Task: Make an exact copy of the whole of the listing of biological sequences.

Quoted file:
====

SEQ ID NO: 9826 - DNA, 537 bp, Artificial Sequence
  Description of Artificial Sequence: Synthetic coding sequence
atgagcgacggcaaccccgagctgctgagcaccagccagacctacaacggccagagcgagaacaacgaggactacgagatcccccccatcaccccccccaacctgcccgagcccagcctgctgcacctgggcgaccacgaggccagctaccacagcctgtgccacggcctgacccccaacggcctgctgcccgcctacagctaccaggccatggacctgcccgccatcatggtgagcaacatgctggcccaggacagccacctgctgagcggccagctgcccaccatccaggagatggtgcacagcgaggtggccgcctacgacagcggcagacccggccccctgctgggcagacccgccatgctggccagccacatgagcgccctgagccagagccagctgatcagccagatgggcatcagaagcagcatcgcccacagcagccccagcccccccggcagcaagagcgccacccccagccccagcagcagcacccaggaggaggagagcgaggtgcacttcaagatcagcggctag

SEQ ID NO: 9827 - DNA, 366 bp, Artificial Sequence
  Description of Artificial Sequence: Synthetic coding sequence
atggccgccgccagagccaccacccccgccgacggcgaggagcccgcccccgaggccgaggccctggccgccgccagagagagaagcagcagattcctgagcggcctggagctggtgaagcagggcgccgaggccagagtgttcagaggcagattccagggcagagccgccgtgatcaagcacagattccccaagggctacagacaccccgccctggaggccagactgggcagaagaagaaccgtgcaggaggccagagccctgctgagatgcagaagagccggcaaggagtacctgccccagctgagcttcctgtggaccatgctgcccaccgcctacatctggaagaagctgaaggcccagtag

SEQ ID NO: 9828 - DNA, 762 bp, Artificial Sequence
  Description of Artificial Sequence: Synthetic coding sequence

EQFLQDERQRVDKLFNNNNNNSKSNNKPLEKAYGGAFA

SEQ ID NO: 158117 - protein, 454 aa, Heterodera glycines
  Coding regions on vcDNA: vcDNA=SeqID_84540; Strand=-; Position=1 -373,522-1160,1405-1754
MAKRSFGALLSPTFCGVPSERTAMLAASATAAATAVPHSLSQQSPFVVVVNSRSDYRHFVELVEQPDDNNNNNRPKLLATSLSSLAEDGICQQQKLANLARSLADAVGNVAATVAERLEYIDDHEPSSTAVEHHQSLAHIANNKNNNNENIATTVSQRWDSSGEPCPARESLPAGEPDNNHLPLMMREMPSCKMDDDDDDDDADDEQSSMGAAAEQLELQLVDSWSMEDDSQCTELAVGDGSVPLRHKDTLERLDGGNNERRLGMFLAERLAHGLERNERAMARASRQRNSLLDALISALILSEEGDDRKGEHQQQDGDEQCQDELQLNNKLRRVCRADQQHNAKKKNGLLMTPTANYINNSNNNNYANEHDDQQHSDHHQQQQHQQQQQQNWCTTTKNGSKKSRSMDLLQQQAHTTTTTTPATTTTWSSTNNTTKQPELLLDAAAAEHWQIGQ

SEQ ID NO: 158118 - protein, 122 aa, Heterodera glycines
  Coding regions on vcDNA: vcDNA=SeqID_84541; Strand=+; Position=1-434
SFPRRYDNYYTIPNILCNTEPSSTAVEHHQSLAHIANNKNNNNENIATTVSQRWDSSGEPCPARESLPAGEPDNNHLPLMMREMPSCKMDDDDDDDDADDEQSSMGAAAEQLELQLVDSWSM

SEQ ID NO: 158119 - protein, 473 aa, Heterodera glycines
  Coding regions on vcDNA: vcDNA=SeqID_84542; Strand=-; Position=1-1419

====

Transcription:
SEQ ID NO: 9826 - DNA, 537 bp, Artificial Sequence
  Description of Artificial Sequence: Synthetic coding sequence
atgagcgacggcaaccccgagctgctgagcaccagccagacctacaacggccagagcgagaacaacgaggactacgagatcccccccatcaccccccccaacctgcccgagcccagcctgctgcacctgggcgaccacgaggccagctaccacagcctgtgccacggcctgacccccaacggcctgctgcccgcctacagctaccaggccatggacctgcccgccatcatggtgagcaacatgctggcccaggacagccacctgctgagcggccagctgcccaccatccaggagatggtgcacagcgaggtggccgcctacgacagcggcagacccggccccctgctgggcagacccgccatgctggccagccacatgagcgccctgagccagagccagctgatcagccagatgggcatcagaagcagcatcgcccacagcagccccagcccccccggcagcaagagcgccacccccagccccagcagcagcacccaggaggaggagagcgaggtgcacttcaagatcagcggctag

SEQ ID NO: 9827 - DNA, 366 bp, Artificial Sequence
  Description of Artificial Sequence: Synthetic coding sequence
atggccgccgccagagccaccacccccgccgacggcgaggagcccgcccccgaggccgaggccctggccgccgccagagagagaagcagcagattcctgagcggcctggagctggtgaagcagggcgccgaggccagagtgttcagaggcagattccagggcagagccgccgtgatcaagcacagattccccaagggctacagacaccccgccctggaggccagactgggcagaagaagaaccgtgcaggaggccagagccctgctgagatgcagaagagccggcaaggagtacctgccccagctgagcttcctgtggaccatgctgcccaccgcctacatctggaagaagctgaaggcccagtag

SEQ ID NO: 9828 - DNA, 762 bp, Artificial Sequence
  Description of Artificial Sequence: Synthetic coding sequence

EQFLQDERQRVDKLFNNNNNNSKSNNKPLEKAYGGAFA

SEQ ID NO: 158117 - protein, 454 aa, Heterodera glycines
  Coding regions on vcDNA: vcDNA=SeqID_84540; Strand=-; Position=1 -373,522-1160,1405-1754
MAKRSFGALLSPTFCGVPSERTAMLAASATAAATAVPHSLSQQSPFVVVVNSRSDYRHFVELVEQPDDNNNNNRPKLLATSLSSLAEDGICQQQKLANLARSLADAVGNVAATVAERLEYIDDHEPSSTAVEHHQSLAHIANNKNNNNENIATTVSQRWDSSGEPCPARESLPAGEPDNNHLPLMMREMPSCKMDDDDDDDDADDEQSSMGAAAEQLELQLVDSWSMEDDSQCTELAVGDGSVPLRHKDTLERLDGGNNERRLGMFLAERLAHGLERNERAMARASRQRNSLLDALISALILSEEGDDRKGEHQQQDGDEQCQDELQLNNKLRRVCRADQQHNAKKKNGLLMTPTANYINNSNNNNYANEHDDQQHSDHHQQQQHQQQQQQNWCTTTKNGSKKSRSMDLLQQQAHTTTTTTPATTTTWSSTNNTTKQPELLLDAAAAEHWQIGQ

SEQ ID NO: 158118 - protein, 122 aa, Heterodera glycines
  Coding regions on vcDNA: vcDNA=SeqID_84541; Strand=+; Position=1-434
SFPRRYDNYYTIPNILCNTEPSSTAVEHHQSLAHIANNKNNNNENIATTVSQRWDSSGEPCPARESLPAGEPDNNHLPLMMREMPSCKMDDDDDDDDADDEQSSMGAAAEQLELQLVDSWSM

SEQ ID NO: 158119 - protein, 473 aa, Heterodera glycines
  Coding regions on vcDNA: vcDNA=SeqID_84542; Strand=-; Position=1-1419